there and began to explore the area. Then he got a job as guide to the Yosemite.
Muir quickly became an expert on Yosemite. John believed that glaciers had
helped in the formation of the valley. People began to pay attention to his
ideas. Some agreed and some didn’t. John spent years studying glaciers and
tracking glaciers in the Sierra Nevada.
In 1874, Jeanne Carr introduced John Muir to Louie Wanda
because she wanted John to leave his lonely life. John first tramped the
wilderness of California, Nevada, Utah, the Pacific Northwest, and Alaska.
Then he decided that he should settle down and went to visit Louie Wanda
in the Alhambra Valley. They got married and had two daughters, Annie and
John worked on Louie’s farm for many years, but started
to miss the wilderness. Louie Wanda saw what was happening to John and decided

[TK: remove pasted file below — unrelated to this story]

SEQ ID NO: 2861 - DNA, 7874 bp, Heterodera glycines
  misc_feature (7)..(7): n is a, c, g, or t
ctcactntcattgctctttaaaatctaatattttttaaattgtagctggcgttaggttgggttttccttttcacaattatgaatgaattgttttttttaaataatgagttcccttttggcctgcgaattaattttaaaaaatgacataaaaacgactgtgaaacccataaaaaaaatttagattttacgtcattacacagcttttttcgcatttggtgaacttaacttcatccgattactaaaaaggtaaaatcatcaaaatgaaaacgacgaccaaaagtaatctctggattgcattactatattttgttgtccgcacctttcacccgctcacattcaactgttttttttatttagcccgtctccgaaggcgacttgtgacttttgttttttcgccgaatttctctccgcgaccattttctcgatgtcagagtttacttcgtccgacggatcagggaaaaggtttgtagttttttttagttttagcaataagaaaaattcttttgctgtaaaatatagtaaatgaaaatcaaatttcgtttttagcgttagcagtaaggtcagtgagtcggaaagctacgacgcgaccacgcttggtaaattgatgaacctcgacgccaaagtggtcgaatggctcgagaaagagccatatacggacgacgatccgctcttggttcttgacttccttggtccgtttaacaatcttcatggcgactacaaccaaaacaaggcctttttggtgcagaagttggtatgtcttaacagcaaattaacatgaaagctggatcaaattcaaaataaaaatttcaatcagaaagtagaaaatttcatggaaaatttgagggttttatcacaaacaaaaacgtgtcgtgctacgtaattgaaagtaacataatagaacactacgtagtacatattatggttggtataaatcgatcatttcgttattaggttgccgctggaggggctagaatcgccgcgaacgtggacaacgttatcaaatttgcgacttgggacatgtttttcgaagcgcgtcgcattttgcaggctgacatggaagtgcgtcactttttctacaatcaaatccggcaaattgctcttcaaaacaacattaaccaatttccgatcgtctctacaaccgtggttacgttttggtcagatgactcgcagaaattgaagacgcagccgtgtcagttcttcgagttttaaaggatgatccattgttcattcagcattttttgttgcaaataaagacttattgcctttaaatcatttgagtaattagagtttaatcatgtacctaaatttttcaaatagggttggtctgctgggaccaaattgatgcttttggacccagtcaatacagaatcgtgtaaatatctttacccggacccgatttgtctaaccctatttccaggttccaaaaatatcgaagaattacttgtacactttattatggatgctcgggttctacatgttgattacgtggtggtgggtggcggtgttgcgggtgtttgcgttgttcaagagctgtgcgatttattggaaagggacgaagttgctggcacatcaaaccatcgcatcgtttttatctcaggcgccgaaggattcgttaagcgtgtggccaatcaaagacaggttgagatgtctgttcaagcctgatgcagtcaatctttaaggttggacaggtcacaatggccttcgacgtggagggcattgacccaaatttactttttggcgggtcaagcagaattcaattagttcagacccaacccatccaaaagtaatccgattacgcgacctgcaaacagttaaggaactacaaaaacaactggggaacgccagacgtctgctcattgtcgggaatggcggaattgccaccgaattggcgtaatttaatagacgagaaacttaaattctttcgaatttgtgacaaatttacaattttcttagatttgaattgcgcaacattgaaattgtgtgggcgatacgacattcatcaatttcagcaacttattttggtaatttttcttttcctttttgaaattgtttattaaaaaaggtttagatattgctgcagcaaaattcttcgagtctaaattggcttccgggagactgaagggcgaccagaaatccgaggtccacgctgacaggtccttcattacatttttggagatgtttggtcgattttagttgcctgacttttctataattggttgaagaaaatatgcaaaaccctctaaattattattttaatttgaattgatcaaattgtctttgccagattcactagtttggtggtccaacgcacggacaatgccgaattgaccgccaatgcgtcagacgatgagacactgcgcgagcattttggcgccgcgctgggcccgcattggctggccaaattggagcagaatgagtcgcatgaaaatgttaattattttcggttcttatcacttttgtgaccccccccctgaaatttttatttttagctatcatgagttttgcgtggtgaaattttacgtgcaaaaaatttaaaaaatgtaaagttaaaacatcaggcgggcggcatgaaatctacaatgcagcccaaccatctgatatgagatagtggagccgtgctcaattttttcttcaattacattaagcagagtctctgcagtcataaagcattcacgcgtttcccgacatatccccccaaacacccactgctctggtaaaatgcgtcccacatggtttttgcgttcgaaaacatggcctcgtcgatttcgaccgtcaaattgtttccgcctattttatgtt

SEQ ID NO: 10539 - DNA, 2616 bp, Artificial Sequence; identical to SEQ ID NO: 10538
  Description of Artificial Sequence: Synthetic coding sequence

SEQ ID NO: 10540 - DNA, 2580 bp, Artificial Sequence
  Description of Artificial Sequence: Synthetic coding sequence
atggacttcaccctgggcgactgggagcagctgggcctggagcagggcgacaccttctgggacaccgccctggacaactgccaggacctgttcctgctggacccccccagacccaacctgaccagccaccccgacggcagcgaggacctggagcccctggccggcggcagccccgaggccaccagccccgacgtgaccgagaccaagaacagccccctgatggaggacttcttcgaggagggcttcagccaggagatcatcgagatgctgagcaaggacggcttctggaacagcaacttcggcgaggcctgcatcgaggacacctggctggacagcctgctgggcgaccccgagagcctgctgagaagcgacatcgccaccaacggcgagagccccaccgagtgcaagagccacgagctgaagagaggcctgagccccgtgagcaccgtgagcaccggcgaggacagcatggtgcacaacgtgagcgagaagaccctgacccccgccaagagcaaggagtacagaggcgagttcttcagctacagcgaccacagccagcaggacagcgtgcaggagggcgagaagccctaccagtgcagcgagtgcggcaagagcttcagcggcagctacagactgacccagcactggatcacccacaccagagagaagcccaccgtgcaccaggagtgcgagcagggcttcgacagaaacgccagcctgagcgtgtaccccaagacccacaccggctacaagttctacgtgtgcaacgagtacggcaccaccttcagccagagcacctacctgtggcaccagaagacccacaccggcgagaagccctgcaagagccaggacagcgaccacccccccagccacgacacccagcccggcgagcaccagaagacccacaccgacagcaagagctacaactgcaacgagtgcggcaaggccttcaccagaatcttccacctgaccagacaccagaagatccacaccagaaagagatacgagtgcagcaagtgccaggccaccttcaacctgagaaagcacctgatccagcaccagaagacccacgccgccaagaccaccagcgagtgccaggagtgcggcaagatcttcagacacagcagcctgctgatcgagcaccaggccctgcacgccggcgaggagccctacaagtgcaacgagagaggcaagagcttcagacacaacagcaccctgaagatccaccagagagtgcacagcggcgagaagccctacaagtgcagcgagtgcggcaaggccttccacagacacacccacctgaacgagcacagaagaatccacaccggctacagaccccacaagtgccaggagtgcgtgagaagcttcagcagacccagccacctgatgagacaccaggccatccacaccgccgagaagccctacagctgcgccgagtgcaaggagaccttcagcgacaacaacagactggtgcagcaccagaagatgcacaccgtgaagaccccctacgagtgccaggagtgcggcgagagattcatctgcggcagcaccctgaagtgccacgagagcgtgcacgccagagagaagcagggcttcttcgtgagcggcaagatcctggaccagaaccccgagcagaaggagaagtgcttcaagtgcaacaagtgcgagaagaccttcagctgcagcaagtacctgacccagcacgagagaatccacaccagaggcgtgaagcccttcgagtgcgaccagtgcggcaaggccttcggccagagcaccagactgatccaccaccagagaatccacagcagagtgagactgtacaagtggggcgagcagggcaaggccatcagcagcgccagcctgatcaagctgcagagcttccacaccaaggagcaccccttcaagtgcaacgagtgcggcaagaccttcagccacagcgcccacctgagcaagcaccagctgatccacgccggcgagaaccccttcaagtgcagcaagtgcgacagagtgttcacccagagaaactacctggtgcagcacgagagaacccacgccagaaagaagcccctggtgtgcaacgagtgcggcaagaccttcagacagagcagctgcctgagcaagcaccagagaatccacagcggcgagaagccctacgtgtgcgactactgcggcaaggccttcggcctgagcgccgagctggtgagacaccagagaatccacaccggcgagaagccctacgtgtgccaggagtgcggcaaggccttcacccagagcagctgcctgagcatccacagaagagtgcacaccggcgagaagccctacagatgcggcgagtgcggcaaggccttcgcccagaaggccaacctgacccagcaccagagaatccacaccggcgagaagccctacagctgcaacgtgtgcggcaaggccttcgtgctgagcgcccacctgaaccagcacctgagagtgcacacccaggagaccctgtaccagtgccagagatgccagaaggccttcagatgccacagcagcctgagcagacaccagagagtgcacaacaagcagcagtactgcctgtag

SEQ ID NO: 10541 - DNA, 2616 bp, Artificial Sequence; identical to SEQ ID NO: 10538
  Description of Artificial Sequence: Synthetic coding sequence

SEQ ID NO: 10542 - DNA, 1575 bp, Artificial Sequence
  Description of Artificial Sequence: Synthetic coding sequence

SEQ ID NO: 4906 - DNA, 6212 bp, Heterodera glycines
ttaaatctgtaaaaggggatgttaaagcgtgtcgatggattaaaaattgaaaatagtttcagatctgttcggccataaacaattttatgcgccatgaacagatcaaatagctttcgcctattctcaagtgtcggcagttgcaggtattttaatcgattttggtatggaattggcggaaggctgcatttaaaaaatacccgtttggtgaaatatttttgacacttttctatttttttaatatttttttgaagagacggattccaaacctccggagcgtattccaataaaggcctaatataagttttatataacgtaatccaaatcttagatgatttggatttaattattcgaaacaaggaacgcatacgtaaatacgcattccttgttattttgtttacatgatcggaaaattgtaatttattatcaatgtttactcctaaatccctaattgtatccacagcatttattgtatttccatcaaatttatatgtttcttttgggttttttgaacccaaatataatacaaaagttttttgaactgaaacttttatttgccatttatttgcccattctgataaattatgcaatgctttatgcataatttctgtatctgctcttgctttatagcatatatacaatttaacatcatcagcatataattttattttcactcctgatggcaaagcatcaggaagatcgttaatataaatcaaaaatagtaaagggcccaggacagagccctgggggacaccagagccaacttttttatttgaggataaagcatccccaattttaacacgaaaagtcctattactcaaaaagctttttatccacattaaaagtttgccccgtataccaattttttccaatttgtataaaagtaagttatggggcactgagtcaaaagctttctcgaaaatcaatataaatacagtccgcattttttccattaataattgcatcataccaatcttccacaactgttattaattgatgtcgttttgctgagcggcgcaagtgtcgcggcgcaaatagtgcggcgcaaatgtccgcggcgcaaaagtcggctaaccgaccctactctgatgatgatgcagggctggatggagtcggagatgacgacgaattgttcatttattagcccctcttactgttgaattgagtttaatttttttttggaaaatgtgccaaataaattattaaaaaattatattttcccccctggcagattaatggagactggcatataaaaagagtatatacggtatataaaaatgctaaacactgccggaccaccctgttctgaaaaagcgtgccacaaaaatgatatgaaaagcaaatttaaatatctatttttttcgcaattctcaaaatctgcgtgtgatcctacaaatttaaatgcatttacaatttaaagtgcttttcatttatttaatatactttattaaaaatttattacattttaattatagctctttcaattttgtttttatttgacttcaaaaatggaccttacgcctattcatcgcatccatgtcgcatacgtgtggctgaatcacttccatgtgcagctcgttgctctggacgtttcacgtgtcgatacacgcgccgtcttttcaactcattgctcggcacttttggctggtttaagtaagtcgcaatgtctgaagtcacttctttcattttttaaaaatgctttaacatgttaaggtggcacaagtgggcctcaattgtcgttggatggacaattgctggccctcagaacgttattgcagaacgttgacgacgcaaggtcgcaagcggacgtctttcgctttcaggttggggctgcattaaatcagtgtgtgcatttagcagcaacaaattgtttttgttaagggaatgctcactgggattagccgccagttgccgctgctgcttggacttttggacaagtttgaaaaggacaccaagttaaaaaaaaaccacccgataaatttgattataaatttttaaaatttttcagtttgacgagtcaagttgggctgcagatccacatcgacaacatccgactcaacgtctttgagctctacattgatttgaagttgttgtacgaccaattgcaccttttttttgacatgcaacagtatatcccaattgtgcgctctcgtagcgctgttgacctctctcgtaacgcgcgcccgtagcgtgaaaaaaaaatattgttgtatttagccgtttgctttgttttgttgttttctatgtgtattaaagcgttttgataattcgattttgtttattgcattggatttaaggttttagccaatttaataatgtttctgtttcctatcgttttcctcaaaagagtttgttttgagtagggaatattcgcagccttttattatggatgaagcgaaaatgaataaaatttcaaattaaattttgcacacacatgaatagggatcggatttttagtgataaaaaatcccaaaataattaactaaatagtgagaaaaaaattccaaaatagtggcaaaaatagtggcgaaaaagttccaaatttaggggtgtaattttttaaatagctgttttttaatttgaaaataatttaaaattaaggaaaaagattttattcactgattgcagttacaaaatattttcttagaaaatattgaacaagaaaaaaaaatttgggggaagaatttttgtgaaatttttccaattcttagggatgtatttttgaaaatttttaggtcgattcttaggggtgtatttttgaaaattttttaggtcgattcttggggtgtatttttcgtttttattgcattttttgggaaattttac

to let him travel to Alaska. He visited the Alaskan tribes and Glacier Bay.
In the next ten years of visit to Alaska, Muir would track glaciers and observe
John Muir will spend the rest of his life writing books
about nature and speak out for nature. He will suffer the lost of his wife
and abate his grief by observing a pertrified forest. John Muir really was
a man of the mountains.
I believe that John Muir was a very hard working and
determined man. The fact that he overcomes the struggles of his life to
accomplish all that he did makes him an even more remarkable man. I think